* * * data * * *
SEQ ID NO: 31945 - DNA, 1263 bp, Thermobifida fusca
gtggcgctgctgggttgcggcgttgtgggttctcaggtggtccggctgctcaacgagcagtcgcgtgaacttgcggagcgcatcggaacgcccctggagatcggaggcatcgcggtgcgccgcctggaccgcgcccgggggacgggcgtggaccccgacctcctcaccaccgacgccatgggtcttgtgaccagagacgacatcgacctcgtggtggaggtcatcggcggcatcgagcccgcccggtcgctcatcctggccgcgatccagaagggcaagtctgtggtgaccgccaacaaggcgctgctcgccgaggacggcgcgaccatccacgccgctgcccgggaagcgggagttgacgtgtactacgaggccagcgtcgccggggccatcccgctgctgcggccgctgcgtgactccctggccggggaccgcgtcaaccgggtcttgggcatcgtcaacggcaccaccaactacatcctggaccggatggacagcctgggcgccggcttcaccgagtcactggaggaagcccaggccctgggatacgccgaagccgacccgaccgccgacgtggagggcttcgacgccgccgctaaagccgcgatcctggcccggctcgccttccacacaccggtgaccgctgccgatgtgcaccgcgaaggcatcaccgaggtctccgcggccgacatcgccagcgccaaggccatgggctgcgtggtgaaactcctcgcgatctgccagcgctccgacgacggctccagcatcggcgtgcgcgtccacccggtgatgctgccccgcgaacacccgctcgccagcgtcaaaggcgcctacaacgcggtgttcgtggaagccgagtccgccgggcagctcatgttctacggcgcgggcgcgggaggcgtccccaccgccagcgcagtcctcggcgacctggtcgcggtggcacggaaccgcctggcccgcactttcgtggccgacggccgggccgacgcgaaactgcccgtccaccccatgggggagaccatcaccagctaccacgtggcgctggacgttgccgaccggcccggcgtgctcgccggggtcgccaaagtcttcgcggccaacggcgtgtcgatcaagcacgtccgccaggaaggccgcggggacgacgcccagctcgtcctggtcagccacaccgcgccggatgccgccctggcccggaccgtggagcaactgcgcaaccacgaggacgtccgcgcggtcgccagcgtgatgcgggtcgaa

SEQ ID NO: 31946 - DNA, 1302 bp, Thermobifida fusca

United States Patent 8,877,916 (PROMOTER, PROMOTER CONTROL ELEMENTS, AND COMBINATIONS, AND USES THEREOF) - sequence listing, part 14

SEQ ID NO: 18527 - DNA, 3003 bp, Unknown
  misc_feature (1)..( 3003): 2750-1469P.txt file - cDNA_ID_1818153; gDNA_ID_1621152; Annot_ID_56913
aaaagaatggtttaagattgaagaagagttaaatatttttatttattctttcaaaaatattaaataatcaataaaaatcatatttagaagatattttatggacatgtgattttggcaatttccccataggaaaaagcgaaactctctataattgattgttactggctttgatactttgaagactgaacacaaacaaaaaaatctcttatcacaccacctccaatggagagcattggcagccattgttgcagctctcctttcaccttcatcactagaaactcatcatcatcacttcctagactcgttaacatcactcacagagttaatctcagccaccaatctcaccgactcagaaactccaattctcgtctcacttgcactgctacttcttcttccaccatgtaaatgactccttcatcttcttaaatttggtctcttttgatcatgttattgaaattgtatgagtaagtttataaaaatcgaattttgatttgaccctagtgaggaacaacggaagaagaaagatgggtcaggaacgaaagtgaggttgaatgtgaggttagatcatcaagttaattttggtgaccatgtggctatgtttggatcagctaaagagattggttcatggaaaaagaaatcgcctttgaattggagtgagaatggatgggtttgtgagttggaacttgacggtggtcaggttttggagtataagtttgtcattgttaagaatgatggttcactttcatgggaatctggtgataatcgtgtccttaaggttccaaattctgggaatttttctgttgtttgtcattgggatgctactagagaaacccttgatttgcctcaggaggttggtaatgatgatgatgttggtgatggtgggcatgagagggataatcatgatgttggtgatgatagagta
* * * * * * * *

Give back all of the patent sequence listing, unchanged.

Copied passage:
SEQ ID NO: 31945 - DNA, 1263 bp, Thermobifida fusca
gtggcgctgctgggttgcggcgttgtgggttctcaggtggtccggctgctcaacgagcagtcgcgtgaacttgcggagcgcatcggaacgcccctggagatcggaggcatcgcggtgcgccgcctggaccgcgcccgggggacgggcgtggaccccgacctcctcaccaccgacgccatgggtcttgtgaccagagacgacatcgacctcgtggtggaggtcatcggcggcatcgagcccgcccggtcgctcatcctggccgcgatccagaagggcaagtctgtggtgaccgccaacaaggcgctgctcgccgaggacggcgcgaccatccacgccgctgcccgggaagcgggagttgacgtgtactacgaggccagcgtcgccggggccatcccgctgctgcggccgctgcgtgactccctggccggggaccgcgtcaaccgggtcttgggcatcgtcaacggcaccaccaactacatcctggaccggatggacagcctgggcgccggcttcaccgagtcactggaggaagcccaggccctgggatacgccgaagccgacccgaccgccgacgtggagggcttcgacgccgccgctaaagccgcgatcctggcccggctcgccttccacacaccggtgaccgctgccgatgtgcaccgcgaaggcatcaccgaggtctccgcggccgacatcgccagcgccaaggccatgggctgcgtggtgaaactcctcgcgatctgccagcgctccgacgacggctccagcatcggcgtgcgcgtccacccggtgatgctgccccgcgaacacccgctcgccagcgtcaaaggcgcctacaacgcggtgttcgtggaagccgagtccgccgggcagctcatgttctacggcgcgggcgcgggaggcgtccccaccgccagcgcagtcctcggcgacctggtcgcggtggcacggaaccgcctggcccgcactttcgtggccgacggccgggccgacgcgaaactgcccgtccaccccatgggggagaccatcaccagctaccacgtggcgctggacgttgccgaccggcccggcgtgctcgccggggtcgccaaagtcttcgcggccaacggcgtgtcgatcaagcacgtccgccaggaaggccgcggggacgacgcccagctcgtcctggtcagccacaccgcgccggatgccgccctggcccggaccgtggagcaactgcgcaaccacgaggacgtccgcgcggtcgccagcgtgatgcgggtcgaa

SEQ ID NO: 31946 - DNA, 1302 bp, Thermobifida fusca

United States Patent 8,877,916 (PROMOTER, PROMOTER CONTROL ELEMENTS, AND COMBINATIONS, AND USES THEREOF) - sequence listing, part 14

SEQ ID NO: 18527 - DNA, 3003 bp, Unknown
  misc_feature (1)..( 3003): 2750-1469P.txt file - cDNA_ID_1818153; gDNA_ID_1621152; Annot_ID_56913
aaaagaatggtttaagattgaagaagagttaaatatttttatttattctttcaaaaatattaaataatcaataaaaatcatatttagaagatattttatggacatgtgattttggcaatttccccataggaaaaagcgaaactctctataattgattgttactggctttgatactttgaagactgaacacaaacaaaaaaatctcttatcacaccacctccaatggagagcattggcagccattgttgcagctctcctttcaccttcatcactagaaactcatcatcatcacttcctagactcgttaacatcactcacagagttaatctcagccaccaatctcaccgactcagaaactccaattctcgtctcacttgcactgctacttcttcttccaccatgtaaatgactccttcatcttcttaaatttggtctcttttgatcatgttattgaaattgtatgagtaagtttataaaaatcgaattttgatttgaccctagtgaggaacaacggaagaagaaagatgggtcaggaacgaaagtgaggttgaatgtgaggttagatcatcaagttaattttggtgaccatgtggctatgtttggatcagctaaagagattggttcatggaaaaagaaatcgcctttgaattggagtgagaatggatgggtttgtgagttggaacttgacggtggtcaggttttggagtataagtttgtcattgttaagaatgatggttcactttcatgggaatctggtgataatcgtgtccttaaggttccaaattctgggaatttttctgttgtttgtcattgggatgctactagagaaacccttgatttgcctcaggaggttggtaatgatgatgatgttggtgatggtgggcatgagagggataatcatgatgttggtgatgatagagta